“I believe that other regions throughout the country are demonstrating their progressiveness through the resources they offer to the LGBTQ community. Creating resources and accessibility to healthcare specifically focused on the LGBTQ community; investing city funding into community centers to support members of the LGBTQ community who are struggling with poverty, homelessness, mental health issues; and aging without familial support are just a few examples of city acknowledging that LGBTQ citizens are respected and supported within their city,” said Pamela Sheffer, director of program and development for Oasis Youth Center; an organization aimed at education and connection for Nashville youth.

Sheffer demonstrates a valid point here, although Nashville’s lack of community resources may be better explained by the lack of state funding of resources in general, not just for LGBTQ services. Tennessee is not a welfare state like many others. It is incredibly difficult to attain healthcare for anyone, LGBTQ or not. The state just doesn’t fund it. If you are insured in Tennessee, it is most likely because an employer provides it, you are a veteran or an expecting mother, or choose to pay out-of-pocket for your insurance through the private market.

The youth of Nashville are primarily affected by this. What we are seeing is a younger, left-leaning generation living in and being surrounded by an environment of older generations which may possess a certain opinion about the LGBTQ community.

“These youth are being raised, educated, and coached by adults who have not checked their bias,” said Sheffer. Like many other cities in the South, this is Nashville’s downfall and debt to the community.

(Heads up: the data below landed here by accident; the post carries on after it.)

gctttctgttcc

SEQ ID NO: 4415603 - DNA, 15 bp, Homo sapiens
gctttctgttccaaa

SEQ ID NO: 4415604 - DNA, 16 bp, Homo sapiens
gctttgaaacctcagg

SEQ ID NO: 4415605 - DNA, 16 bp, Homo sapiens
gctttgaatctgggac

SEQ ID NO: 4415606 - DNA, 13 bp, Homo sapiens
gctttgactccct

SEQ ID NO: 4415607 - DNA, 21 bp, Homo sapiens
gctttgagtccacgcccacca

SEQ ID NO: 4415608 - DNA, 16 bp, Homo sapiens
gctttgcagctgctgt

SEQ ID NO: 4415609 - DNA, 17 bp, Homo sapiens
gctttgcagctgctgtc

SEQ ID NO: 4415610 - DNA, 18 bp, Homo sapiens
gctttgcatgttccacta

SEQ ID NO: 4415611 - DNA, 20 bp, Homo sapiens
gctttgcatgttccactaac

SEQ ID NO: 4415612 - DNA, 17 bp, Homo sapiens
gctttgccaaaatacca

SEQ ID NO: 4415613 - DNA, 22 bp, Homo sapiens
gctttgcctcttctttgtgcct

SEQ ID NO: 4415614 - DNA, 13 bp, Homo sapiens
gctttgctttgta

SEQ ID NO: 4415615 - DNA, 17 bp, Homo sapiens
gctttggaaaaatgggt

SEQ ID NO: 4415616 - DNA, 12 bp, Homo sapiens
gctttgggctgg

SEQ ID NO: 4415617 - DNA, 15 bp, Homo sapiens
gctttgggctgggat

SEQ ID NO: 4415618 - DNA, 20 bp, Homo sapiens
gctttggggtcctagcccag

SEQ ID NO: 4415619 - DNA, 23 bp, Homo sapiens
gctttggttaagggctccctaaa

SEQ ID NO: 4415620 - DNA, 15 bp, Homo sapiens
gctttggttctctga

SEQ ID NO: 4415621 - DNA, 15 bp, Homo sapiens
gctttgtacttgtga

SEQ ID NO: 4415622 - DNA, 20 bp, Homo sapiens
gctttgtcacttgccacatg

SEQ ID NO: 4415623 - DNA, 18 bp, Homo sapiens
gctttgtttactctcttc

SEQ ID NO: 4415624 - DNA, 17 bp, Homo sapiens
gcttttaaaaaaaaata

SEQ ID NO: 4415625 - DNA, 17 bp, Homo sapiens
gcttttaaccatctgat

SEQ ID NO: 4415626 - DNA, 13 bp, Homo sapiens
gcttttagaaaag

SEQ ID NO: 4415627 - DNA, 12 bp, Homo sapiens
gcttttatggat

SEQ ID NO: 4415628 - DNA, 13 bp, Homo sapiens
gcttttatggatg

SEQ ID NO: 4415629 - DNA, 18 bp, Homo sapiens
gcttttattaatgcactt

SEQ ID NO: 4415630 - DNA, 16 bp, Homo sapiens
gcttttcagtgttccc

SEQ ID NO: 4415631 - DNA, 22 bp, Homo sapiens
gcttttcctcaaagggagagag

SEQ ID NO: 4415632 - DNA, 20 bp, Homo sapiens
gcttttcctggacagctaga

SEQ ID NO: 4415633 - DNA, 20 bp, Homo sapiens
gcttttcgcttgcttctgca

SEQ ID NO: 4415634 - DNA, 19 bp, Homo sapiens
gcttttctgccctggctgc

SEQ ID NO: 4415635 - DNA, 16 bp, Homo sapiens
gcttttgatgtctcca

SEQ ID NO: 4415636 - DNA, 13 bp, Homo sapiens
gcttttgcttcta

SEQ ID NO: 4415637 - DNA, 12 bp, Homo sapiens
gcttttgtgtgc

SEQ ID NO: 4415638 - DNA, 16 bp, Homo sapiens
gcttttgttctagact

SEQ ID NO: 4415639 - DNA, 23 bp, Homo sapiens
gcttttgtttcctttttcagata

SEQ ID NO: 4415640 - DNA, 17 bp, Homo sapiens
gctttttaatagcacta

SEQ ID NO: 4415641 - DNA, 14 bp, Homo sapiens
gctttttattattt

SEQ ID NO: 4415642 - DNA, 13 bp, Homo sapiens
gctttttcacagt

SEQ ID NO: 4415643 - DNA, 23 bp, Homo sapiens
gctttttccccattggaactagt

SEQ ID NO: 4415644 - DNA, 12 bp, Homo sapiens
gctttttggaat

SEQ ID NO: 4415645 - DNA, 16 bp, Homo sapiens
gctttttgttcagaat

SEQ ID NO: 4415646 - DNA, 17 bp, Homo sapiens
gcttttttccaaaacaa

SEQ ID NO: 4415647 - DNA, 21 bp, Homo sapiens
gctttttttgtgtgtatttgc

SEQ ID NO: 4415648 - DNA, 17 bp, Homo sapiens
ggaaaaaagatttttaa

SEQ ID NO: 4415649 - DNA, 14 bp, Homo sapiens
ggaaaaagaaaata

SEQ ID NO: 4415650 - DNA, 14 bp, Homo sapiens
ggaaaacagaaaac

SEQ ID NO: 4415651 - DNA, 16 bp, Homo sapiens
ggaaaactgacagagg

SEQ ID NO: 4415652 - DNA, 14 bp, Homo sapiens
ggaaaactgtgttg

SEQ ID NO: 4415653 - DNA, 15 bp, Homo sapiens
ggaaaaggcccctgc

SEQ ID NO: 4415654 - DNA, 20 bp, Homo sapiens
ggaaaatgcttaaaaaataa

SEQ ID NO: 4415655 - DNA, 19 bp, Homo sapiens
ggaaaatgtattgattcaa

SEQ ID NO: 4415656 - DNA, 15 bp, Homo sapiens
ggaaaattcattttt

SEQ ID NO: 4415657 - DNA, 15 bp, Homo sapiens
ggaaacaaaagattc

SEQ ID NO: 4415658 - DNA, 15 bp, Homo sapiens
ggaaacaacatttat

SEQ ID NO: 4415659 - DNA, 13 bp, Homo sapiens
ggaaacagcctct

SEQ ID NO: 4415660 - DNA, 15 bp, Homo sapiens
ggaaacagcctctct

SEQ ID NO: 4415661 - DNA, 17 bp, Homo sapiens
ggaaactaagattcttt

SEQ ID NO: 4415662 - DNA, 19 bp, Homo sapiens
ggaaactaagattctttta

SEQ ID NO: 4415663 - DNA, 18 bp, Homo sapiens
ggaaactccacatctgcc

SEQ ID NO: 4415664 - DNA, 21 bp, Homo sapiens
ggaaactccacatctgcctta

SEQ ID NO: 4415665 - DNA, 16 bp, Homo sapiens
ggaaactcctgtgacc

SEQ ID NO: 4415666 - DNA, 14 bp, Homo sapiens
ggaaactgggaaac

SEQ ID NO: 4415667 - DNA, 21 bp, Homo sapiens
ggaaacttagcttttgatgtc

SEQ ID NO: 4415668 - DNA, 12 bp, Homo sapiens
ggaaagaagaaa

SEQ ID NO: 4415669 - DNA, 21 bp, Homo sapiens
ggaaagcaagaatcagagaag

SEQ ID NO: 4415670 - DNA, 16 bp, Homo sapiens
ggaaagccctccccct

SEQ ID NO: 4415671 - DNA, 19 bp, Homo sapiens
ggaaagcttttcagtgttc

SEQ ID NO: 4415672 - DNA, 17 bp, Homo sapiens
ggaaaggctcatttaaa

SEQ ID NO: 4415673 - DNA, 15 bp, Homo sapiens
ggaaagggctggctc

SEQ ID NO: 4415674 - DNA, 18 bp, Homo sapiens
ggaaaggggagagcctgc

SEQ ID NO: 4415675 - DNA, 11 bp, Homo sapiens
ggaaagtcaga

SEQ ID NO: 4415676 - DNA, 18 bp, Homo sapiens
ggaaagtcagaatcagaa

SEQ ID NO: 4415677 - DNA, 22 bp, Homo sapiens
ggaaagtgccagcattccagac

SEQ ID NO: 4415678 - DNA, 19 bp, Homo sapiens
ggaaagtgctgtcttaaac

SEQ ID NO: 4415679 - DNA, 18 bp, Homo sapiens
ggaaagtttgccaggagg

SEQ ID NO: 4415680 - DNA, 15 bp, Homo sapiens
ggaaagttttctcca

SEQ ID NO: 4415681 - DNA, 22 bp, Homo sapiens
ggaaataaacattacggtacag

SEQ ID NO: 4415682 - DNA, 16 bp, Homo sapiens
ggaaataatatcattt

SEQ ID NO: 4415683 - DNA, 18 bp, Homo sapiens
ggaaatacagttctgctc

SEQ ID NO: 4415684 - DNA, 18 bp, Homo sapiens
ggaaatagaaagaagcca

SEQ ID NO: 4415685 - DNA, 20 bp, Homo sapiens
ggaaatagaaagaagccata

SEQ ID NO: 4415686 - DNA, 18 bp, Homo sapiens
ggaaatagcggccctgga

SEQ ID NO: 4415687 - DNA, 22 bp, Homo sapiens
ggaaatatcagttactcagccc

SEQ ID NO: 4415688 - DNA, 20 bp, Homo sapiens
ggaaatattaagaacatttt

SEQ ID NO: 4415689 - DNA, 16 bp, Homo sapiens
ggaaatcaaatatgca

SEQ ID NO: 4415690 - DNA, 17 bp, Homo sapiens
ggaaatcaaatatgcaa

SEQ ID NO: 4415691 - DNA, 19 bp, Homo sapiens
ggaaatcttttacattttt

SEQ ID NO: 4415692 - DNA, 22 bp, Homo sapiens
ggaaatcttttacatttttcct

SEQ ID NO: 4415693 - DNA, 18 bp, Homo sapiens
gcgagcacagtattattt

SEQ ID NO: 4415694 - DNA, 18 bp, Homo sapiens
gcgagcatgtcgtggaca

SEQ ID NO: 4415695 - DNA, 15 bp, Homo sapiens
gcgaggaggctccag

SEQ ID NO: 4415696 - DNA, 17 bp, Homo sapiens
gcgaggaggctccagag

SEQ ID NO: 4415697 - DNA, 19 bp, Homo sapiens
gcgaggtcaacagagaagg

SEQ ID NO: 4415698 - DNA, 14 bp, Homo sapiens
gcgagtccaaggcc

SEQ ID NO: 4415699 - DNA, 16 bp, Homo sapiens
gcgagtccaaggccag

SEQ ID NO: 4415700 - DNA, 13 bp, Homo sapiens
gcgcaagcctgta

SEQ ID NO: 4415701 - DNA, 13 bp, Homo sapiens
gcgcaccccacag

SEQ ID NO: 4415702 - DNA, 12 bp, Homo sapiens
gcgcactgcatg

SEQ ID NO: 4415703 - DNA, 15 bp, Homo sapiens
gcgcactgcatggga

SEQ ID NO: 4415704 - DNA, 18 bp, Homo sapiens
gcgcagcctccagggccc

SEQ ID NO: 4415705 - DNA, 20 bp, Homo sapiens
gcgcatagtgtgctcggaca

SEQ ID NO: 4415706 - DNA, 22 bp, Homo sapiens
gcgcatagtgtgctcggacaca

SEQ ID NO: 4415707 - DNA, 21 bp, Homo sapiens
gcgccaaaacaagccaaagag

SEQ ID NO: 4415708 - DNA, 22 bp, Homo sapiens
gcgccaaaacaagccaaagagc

The city provides a good amount of support groups, social spots, and faith organizations; however, funded resources and aid are virtually non-existent and act as a hindrance to the community at large, but cannot be helped until the region sees more progression in its economics.

Nashville is a city inhabited by young people with progressive ideas and thoughts, but it is being overseen by its right-sided state legislature. The city’s hands are tied in many ways.

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Luckily, Nashville’s youth population is growing thanks to all the transplants. Nashville is heading in the right direction in terms of societal acceptance of the LGBTQ community and has shown success in cultivating culture and lifestyle.

However, the bottom line is that Nashville is still a part of the South. Due to its geography, it is limited in its success, as it continues to encounter a difference of opinion from right-sided counterparts which represent most of the state. Nashville can be looked at like this: it can be a safe haven and hub for LGBTQ community, but I would not recommend going too much outside of the city limits, as you will see a great difference and void of community and tolerance.